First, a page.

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An interview with Fred Rodriguez
Let the games begin
Two serious crashes, an incessant back problem, anal retentive race officials, a classics season gone bad. But no matter - Fred Rodriguez is quickly climbing back to 100 per cent, and the red carpet's ready to roll in cycling's equivalent of the World Series baseball finals. And as Anthony Tan discovers, Fast Freddy loves being on top.
"MY GOAL HERE is to showcase myself at the biggest event in cycling and to someday win a stage and continue winning stages. I love winning and I love being on top."
Confident words from 29 year old sprinter Fred Rodriguez - especially when you consider his performances on the bike this spring left something to be desired.
Rodriguez was one of the last riders to be allocated to a Division I team, eventually signing the dotted line with Sidermec (now Vini Caldirola-So.Di) in mid-January. After ex-pro turned directeur sportif Mauro Gianetti pulled some strings to get the Californian on board, Rodriguez declared that he was ahead of the game in terms of his off-season training, believing he could improve on his excellent performances that made him a classics contender last year.
"I'm ahead of where I was at the same time last year," said Rodriguez to the press. "Using the experience I gained with my success in Gent-Wevelgem and Milan-San Remo [Rodriguez finished second behind Mario Cipollini in both events], I feel like I can improve upon that in the classics this year."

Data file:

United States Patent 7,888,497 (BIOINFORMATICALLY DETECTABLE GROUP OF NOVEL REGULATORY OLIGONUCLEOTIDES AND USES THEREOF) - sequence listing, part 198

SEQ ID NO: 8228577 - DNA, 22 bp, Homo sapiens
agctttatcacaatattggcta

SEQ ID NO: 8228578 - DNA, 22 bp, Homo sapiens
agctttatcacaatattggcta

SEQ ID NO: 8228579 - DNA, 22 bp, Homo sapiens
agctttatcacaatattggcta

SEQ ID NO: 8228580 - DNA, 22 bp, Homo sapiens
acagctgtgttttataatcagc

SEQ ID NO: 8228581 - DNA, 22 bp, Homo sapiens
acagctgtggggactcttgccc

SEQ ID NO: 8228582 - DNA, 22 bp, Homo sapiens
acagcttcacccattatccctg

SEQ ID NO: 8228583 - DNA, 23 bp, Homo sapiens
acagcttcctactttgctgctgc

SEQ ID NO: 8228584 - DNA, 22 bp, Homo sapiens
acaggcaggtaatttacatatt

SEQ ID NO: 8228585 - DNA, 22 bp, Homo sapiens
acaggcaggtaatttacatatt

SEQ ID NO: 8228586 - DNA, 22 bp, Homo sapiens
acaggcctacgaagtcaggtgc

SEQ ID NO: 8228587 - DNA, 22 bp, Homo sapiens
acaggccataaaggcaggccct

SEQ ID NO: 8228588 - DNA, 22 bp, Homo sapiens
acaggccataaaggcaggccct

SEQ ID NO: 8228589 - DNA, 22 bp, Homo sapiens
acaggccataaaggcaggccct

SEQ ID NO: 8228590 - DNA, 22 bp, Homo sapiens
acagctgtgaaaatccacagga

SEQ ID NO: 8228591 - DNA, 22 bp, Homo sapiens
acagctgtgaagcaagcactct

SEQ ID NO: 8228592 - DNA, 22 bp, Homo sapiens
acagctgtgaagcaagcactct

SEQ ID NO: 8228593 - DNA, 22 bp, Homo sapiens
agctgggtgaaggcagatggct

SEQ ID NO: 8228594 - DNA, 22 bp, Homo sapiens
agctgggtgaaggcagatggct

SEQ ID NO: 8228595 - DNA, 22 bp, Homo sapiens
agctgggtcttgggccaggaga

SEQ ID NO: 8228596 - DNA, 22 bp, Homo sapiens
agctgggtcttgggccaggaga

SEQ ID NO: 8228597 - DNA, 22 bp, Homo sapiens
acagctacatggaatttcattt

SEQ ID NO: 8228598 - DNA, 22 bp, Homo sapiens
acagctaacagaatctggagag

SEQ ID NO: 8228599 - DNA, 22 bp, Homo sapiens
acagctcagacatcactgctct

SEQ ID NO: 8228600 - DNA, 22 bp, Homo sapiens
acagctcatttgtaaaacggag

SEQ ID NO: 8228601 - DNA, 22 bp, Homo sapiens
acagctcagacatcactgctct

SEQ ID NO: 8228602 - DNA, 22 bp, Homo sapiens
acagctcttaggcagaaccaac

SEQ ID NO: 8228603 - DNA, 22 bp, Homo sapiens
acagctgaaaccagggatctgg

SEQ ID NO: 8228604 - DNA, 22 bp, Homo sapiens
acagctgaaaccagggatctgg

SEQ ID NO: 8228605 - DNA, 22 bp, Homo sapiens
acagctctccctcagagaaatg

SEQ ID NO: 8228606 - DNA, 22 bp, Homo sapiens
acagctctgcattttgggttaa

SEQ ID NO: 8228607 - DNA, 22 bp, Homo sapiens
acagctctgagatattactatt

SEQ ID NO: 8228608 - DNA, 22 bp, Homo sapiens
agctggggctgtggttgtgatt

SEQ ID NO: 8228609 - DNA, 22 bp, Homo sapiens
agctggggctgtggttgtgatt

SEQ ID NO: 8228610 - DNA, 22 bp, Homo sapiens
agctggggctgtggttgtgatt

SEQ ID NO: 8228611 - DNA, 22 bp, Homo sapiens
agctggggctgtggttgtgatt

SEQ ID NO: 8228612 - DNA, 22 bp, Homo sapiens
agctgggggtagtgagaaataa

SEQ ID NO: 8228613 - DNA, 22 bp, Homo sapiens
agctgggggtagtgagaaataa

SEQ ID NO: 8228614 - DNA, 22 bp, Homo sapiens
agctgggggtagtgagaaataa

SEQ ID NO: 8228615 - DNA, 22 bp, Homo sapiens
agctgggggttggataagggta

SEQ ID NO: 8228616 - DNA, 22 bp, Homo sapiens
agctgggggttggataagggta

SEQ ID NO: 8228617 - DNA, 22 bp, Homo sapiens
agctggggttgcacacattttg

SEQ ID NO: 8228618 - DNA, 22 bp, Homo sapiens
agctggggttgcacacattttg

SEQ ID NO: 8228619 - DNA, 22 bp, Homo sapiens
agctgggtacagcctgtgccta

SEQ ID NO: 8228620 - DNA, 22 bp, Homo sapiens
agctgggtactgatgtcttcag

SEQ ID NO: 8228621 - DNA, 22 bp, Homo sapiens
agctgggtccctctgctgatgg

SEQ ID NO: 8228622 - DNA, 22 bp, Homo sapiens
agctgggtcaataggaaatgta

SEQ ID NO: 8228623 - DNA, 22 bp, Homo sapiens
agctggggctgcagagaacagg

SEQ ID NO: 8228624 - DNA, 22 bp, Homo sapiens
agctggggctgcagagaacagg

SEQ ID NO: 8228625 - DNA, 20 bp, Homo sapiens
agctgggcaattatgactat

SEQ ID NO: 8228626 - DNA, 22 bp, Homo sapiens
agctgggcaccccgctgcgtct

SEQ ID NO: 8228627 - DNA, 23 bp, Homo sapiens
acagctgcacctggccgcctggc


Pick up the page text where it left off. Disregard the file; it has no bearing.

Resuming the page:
At his first tune-up race before the World Cup races began, the Tour of Rhodes, Rodriguez's words proved accurate. A stage win and a top five overall looked promising, however, a bad crash on the final stage hampered his preparation for Milan-San Remo, and then an even worse pile-up a week later at the GP E3-Harelbeke destroyed his chances for every spring classic after that.
"It [the crash] was right at the critical point [of the season] where I needed to be going 100 per cent," Rodriguez recalls from his team bus, heading towards Paris for his third Tour de France. "So I kept training hard when I shouldn't have been, and then I did de Panne - which was probably the biggest mistake I made. I really needed to let the body heal itself and start from ground zero again."
The mentality of virtually every professional bike rider doesn't not allow one to start at ground zero though. Rodriguez is no different, and tells me the sport of cycling is all about suffering - "we try and suffer through our injuries", he says. "So I continued and kept hoping for the best."
Following withdrawals at the Tour of Flanders and Paris Roubaix, punctuated by a fairly ordinary 82nd at Amstel Gold, it appeared 'hope' had gone on permanent vacation. "At the end, I felt my spring was a complete loss," he says, still sounding forlorn upon reflection.
Then, out of nowhere, Fast Freddy appeared to be back: within the space of a week, a seemingly Forlorn Freddy had morphed into the Fast Freddy we all used to know and love. At the Tour of Georgia, Rodriguez won two of the five stages, finished second in two, won the sprinter's classification and finished second overall (and had it not been for some anal retentive race officials, Fred points out, he probably would have won, too).
"At Georgia, my body was feeling really strong, but at the same time, I was pedaling incorrectly and having a lot of back pain. I knew I couldn't continue like that," says Rodriguez.